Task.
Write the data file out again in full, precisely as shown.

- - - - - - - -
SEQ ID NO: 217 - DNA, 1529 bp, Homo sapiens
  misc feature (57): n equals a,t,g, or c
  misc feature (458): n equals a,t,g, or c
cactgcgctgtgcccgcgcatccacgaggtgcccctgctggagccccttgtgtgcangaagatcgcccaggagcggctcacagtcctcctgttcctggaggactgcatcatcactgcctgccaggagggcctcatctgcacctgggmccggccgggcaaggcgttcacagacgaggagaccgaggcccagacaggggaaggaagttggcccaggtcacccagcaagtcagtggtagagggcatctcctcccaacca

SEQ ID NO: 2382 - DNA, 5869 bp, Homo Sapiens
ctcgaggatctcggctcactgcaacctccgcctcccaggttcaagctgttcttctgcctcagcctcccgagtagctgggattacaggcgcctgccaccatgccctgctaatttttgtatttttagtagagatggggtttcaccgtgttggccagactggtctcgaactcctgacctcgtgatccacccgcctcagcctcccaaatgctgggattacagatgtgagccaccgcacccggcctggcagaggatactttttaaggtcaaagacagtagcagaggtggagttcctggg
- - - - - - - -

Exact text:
SEQ ID NO: 217 - DNA, 1529 bp, Homo sapiens
  misc feature (57): n equals a,t,g, or c
  misc feature (458): n equals a,t,g, or c
cactgcgctgtgcccgcgcatccacgaggtgcccctgctggagccccttgtgtgcangaagatcgcccaggagcggctcacagtcctcctgttcctggaggactgcatcatcactgcctgccaggagggcctcatctgcacctgggmccggccgggcaaggcgttcacagacgaggagaccgaggcccagacaggggaaggaagttggcccaggtcacccagcaagtcagtggtagagggcatctcctcccaacca

SEQ ID NO: 2382 - DNA, 5869 bp, Homo Sapiens
ctcgaggatctcggctcactgcaacctccgcctcccaggttcaagctgttcttctgcctcagcctcccgagtagctgggattacaggcgcctgccaccatgccctgctaatttttgtatttttagtagagatggggtttcaccgtgttggccagactggtctcgaactcctgacctcgtgatccacccgcctcagcctcccaaatgctgggattacagatgtgagccaccgcacccggcctggcagaggatactttttaaggtcaaagacagtagcagaggtggagttcctggg